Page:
OBV Profile: David Weaver

Currently Weaver is chairman and senior partner of Freeman Oliver, a recruitment specialist firm which places talented individuals into positions, ranging from senior management level to board members.

One of the particular focuses of the company is the recruitment of people from minority ethnic groups, something which Weaver initiated when he entered into the firm. He says: “As far as I’m concerned it is important to change the complexion of the leadership in this country. In a diverse society organisations and businesses will do better with diverse leadership. It’s necessary that if organisations want to survive and thrive they are able to understand their customer base be that in the public sector or private sector.”

He is the former UK government representative on the 'European Monitoring Centre on Racism and Xenophobia' and is presently vice president of the British Association for Counselling and Psychotherapy (BACP).

In the late 1980s he worked as a local authority senior manager in Tower Hamlets’ Head of Policy and was tipped to becoming one of the youngest chief executives in the borough.

However, his departure from the authority came just before Derek Beacon of the far-right British National Party (BNP) was elected as a councillor. He regards his departure as a time when, “I wanted to give more time to the politics that were important to me. The prospect of the BNP being elected showed me that the local authority wasn’t doing enough to tackle racism,” he says.

In the early 1990s he founded the business, Progress Consultants, which specialised in management consultancy, recruitment and training. The consultancy worked on issues related to race, discrimination, and established links with organisations tackling racism.

He says: “All the way through my work there has always been a strong element of work on anti-racism, discrimination and representation.”

His political career moved in parallel with his recruitment career. From the mid 1980s he became co-founder of the National Black Caucus (NBC) which came into operation as a result of a conference in Liverpool in 1985, a conference which he says failed to pay attention to the Black voluntary sector. The organisation brought mass appeal to African, Caribbean and Asians, resulting in the formulation of The 1990 Trust in 1990 and later Operation Black Vote.

Weaver says: “The 1990 Trust came about because we felt that we needed to start making an impact in government and to work with organisations to build strong campaigning strategies.”

One of the Trust’s projects included the Bandung Parliamentary Institute (BPI), where Weaver helped lead on the negotiation of communication methods between Black organisations in Britain and the government.

He became a political adviser to Labour’s Deputy Home Secretary in 1996 where he advised the secretary on issues such as race and the voluntary sector.

Weaver, whose parents are from Antigua, was born in Nottingham. His father, a minister, is someone he regards as “a political man of faith”. Weaver says that his father always made clear to him that it was important to fight discrimination and defend those who are most disadvantaged.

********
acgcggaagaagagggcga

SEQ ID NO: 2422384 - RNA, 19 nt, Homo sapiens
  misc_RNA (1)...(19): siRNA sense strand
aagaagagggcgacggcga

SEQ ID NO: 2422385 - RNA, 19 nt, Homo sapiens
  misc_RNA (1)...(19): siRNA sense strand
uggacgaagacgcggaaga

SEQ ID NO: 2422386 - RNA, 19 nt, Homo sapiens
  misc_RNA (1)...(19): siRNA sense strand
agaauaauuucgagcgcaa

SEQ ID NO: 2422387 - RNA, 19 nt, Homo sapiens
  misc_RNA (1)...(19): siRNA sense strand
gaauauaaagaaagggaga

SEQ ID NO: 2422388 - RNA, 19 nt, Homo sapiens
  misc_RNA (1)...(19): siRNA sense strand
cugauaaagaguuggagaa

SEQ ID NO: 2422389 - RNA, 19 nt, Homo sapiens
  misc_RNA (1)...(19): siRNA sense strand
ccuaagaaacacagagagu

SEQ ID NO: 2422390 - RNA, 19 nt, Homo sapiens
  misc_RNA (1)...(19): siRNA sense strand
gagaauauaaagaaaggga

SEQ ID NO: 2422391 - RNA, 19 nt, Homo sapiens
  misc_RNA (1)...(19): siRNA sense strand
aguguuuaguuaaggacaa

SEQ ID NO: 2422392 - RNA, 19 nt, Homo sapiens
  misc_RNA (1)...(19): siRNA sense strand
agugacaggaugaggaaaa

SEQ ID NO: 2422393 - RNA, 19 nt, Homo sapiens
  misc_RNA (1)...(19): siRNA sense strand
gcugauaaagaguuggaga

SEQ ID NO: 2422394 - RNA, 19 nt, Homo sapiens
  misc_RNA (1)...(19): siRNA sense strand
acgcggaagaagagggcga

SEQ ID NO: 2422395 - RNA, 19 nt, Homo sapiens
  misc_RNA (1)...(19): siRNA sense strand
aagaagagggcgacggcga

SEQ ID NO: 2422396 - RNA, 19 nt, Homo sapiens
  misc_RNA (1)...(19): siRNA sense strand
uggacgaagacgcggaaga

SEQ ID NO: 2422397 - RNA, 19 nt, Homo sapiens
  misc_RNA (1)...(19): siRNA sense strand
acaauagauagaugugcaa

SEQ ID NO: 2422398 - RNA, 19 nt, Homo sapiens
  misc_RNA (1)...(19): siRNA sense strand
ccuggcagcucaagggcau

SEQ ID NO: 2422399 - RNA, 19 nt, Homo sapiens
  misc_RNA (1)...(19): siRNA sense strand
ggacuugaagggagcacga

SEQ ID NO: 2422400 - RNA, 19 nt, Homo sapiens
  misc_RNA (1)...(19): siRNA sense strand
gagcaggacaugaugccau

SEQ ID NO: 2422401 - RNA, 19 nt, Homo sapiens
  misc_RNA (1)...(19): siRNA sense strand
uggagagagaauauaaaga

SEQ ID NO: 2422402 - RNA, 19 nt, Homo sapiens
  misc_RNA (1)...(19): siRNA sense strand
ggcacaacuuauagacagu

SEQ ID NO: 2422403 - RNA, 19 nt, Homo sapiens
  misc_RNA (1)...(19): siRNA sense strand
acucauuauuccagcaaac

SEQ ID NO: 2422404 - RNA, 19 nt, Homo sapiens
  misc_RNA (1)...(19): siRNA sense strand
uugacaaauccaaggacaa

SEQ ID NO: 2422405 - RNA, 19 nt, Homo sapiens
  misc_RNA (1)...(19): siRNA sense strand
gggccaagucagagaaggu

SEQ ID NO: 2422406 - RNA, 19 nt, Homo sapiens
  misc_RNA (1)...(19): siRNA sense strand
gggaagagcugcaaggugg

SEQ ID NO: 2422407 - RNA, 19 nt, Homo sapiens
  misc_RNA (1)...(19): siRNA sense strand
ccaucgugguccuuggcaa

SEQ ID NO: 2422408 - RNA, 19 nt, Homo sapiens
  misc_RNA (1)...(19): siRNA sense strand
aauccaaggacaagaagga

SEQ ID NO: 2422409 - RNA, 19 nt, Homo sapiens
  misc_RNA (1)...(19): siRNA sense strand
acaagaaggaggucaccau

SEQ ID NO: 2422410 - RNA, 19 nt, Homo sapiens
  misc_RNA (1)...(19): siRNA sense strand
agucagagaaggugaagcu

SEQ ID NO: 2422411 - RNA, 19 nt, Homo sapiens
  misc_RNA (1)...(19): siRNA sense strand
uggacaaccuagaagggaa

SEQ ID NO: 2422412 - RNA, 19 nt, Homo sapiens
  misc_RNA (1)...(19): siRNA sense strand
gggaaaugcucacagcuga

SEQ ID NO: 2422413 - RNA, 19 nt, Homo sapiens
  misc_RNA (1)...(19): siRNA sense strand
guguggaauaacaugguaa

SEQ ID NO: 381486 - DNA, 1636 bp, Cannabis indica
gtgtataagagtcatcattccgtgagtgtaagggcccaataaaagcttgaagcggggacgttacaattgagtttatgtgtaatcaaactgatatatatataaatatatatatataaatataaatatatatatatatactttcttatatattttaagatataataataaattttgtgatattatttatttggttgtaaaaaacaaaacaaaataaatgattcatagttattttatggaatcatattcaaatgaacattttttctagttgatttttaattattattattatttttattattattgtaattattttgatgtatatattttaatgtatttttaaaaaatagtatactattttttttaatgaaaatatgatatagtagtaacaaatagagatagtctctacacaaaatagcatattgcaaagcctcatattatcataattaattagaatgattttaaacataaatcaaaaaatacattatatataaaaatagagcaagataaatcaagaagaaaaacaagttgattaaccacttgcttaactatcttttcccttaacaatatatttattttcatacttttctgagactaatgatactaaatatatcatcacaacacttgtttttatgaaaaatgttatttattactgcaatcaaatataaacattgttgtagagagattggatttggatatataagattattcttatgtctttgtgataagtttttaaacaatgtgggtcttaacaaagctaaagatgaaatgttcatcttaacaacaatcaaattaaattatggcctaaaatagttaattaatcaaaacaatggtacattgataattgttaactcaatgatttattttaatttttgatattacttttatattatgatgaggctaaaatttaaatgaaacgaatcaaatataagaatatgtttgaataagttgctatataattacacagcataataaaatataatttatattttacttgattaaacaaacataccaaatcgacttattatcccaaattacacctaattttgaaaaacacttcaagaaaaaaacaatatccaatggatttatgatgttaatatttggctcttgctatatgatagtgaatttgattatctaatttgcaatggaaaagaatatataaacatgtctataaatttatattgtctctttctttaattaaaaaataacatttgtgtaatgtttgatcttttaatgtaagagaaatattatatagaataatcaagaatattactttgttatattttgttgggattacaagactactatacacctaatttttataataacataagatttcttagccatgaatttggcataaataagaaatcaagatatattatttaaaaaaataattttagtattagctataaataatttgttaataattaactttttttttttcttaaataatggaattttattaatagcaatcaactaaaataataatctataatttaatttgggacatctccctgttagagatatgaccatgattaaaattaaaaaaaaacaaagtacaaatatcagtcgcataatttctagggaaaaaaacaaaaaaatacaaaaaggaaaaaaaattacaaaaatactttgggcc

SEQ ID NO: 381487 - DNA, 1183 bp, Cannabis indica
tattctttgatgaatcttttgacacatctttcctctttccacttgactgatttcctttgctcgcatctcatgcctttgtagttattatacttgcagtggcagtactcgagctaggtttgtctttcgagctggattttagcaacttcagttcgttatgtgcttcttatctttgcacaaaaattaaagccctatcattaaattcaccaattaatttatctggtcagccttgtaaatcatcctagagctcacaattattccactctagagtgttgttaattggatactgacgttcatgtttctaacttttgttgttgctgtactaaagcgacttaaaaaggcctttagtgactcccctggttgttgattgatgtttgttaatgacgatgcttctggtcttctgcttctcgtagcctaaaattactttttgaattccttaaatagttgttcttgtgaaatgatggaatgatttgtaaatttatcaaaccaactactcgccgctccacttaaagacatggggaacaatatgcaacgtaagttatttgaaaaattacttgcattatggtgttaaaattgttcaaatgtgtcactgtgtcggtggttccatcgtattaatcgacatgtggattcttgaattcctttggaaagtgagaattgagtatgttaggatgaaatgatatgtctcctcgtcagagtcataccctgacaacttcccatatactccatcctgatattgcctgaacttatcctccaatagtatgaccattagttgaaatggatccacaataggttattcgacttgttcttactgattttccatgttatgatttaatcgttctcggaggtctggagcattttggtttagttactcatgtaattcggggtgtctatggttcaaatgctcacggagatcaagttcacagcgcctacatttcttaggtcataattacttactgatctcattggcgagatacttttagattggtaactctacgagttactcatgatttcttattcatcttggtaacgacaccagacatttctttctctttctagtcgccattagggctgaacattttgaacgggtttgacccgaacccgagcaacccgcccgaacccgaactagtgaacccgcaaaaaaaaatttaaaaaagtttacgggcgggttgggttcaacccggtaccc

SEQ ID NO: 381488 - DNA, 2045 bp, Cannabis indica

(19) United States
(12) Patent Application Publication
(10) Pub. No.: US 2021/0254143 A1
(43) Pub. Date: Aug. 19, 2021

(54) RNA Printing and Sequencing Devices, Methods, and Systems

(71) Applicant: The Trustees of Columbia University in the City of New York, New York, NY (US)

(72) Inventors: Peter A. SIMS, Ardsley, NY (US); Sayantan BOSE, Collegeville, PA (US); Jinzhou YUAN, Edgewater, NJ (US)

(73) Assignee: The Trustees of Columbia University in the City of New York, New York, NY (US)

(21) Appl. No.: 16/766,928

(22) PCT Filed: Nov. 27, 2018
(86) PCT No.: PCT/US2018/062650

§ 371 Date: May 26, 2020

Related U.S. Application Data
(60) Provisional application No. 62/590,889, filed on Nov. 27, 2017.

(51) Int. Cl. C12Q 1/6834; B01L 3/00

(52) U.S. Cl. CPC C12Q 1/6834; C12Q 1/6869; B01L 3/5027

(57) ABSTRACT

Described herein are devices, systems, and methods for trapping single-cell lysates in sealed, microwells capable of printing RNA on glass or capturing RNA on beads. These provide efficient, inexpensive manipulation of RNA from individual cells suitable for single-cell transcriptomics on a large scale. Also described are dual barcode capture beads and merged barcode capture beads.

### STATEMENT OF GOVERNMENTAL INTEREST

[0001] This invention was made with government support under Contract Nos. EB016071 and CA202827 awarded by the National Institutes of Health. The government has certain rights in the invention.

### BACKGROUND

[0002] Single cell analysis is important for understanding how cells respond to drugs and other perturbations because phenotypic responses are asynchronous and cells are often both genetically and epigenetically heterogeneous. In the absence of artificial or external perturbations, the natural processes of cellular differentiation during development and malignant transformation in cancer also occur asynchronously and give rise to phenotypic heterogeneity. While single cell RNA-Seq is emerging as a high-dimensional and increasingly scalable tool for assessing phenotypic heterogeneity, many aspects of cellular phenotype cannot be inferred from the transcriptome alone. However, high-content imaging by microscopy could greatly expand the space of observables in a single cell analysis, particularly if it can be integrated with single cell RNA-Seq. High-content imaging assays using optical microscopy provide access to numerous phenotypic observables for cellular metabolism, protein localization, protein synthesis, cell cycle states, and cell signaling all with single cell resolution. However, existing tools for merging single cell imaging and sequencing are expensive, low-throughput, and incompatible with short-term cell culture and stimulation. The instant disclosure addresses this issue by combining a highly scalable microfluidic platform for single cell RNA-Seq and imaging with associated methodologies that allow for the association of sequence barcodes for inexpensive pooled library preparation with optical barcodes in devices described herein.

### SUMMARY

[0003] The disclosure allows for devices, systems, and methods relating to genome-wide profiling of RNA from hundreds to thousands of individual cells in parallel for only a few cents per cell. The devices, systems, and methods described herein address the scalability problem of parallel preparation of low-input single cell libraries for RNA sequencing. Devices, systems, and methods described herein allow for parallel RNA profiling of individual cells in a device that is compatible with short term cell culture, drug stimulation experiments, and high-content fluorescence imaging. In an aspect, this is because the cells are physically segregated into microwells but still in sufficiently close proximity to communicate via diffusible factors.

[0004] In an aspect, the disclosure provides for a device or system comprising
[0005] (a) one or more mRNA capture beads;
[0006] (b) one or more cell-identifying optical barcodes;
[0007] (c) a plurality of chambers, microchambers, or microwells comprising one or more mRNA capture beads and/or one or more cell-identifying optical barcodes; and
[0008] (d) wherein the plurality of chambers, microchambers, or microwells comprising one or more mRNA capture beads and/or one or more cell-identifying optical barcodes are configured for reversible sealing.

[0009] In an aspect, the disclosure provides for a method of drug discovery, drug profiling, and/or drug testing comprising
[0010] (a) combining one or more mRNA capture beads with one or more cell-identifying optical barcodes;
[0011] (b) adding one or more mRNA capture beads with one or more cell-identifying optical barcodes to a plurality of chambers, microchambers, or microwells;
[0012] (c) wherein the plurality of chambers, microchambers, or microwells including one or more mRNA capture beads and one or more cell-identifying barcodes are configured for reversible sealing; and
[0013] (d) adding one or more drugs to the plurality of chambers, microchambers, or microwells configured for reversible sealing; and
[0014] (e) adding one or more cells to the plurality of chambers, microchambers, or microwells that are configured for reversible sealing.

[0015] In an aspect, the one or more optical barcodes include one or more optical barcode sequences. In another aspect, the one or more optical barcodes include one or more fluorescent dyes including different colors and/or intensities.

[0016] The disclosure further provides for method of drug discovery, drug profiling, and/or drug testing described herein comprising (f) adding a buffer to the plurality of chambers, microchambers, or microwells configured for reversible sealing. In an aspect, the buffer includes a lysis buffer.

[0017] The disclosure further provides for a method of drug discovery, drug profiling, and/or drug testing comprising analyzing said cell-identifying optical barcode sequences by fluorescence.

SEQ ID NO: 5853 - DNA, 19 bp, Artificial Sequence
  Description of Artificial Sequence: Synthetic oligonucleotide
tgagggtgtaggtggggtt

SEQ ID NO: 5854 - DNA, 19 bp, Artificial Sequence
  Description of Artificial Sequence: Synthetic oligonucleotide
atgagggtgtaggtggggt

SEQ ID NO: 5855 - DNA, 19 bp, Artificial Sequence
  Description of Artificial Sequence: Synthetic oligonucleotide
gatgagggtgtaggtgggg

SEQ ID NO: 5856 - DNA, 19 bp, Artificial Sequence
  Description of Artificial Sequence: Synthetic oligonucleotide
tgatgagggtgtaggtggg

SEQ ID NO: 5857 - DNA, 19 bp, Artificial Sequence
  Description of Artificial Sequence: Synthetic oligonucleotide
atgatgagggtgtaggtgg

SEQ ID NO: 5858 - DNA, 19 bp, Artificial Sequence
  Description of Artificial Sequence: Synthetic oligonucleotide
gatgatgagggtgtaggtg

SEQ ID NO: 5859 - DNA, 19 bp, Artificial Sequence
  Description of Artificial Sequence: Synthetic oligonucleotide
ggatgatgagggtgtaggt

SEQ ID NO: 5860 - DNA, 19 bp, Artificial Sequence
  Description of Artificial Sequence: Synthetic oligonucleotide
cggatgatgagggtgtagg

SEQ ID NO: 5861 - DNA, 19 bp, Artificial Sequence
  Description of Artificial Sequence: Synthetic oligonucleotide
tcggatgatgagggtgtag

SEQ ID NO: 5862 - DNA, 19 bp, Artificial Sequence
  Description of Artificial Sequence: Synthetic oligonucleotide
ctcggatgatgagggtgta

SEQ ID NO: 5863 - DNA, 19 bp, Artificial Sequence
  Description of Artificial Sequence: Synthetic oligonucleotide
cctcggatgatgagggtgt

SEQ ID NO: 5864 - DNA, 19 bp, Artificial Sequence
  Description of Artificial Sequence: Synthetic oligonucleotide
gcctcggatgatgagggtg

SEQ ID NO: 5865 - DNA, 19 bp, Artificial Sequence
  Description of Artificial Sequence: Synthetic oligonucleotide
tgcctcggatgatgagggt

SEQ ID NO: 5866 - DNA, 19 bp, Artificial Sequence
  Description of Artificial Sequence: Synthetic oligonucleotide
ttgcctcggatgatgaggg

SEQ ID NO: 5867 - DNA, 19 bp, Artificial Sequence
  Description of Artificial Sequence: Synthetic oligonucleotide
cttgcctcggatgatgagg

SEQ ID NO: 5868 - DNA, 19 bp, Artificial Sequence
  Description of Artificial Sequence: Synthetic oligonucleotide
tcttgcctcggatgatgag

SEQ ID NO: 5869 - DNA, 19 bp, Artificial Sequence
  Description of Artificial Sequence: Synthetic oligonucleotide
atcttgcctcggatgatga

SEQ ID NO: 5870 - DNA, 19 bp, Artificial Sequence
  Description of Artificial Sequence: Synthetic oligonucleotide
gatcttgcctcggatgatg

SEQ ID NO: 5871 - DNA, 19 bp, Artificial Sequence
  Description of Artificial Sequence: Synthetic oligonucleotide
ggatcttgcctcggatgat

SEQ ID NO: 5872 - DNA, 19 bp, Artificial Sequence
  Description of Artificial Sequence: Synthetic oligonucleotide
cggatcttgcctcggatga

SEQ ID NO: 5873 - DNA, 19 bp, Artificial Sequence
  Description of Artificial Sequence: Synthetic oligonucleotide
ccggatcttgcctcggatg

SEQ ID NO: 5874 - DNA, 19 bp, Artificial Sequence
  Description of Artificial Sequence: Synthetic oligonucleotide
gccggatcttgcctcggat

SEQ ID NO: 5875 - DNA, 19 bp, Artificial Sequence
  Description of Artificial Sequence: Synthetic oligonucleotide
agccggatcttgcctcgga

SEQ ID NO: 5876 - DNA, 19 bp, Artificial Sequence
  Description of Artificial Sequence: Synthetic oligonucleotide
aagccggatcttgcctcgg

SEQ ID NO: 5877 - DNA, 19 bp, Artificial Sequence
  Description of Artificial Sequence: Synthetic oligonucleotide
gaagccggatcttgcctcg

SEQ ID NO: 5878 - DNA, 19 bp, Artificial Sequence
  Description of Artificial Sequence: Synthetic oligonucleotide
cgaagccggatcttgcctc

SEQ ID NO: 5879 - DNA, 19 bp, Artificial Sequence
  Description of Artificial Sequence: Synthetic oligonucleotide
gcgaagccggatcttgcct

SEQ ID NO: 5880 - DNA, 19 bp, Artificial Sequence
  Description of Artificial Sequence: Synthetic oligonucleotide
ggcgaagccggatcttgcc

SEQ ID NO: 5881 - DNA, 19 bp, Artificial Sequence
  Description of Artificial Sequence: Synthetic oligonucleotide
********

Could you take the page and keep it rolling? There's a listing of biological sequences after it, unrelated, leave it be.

At the age of eight he was racially attacked and believed from that point on that he did not want to be a victim again. His politicisation continued through both his parents with their shared knowledge and books on activists like Malcolm X and Martin Luther King.

He went on to further education by attaining a degree in Social Work and then completed a Masters at Nottingham University in Human Resources Development.

Weaver actually began working in the social work field but left the profession because he wanted to do something more direct in communities. He says: “Being a social worker made me more aware of the real oppression that Black communities face and made me aware of the need for social workers and social managers to make change.”

The forming of the NBC is where Weaver has a lot of fond memories. He recalls the time when the organisation brought Nelson Mandela to the UK not too soon after Mandela’s release from prison in South Africa. Weaver says of him: “He is symbolic that nothing is impossible.”

The need for more ethnic minority members in Parliament is a priority for Weaver, he supports the call for all-Black shortlists. He says: “The political establishment here is reluctant to get Black people in the inner circle of decision making and very few Black people are senior ministers. It’s the responsibility of government to demonstrate to parties that unless they get proper advice from Black people they are always going to fail in representing the needs of us all.”

Weaver believes that the movement (Organisations like The 1990 Trust, OBV and others) will continue to grow from strength to strength. He argues that there are so many talented individuals in the UK who are dedicated to the fight for justice, that the movement will go onwards and upwards.

He also sees mass scale economic opportunities in Black communities. He says: “We have a great opportunity to create economic wealth globally. I see us working across the world in our commitment for economic wealth and making a positive difference in society.”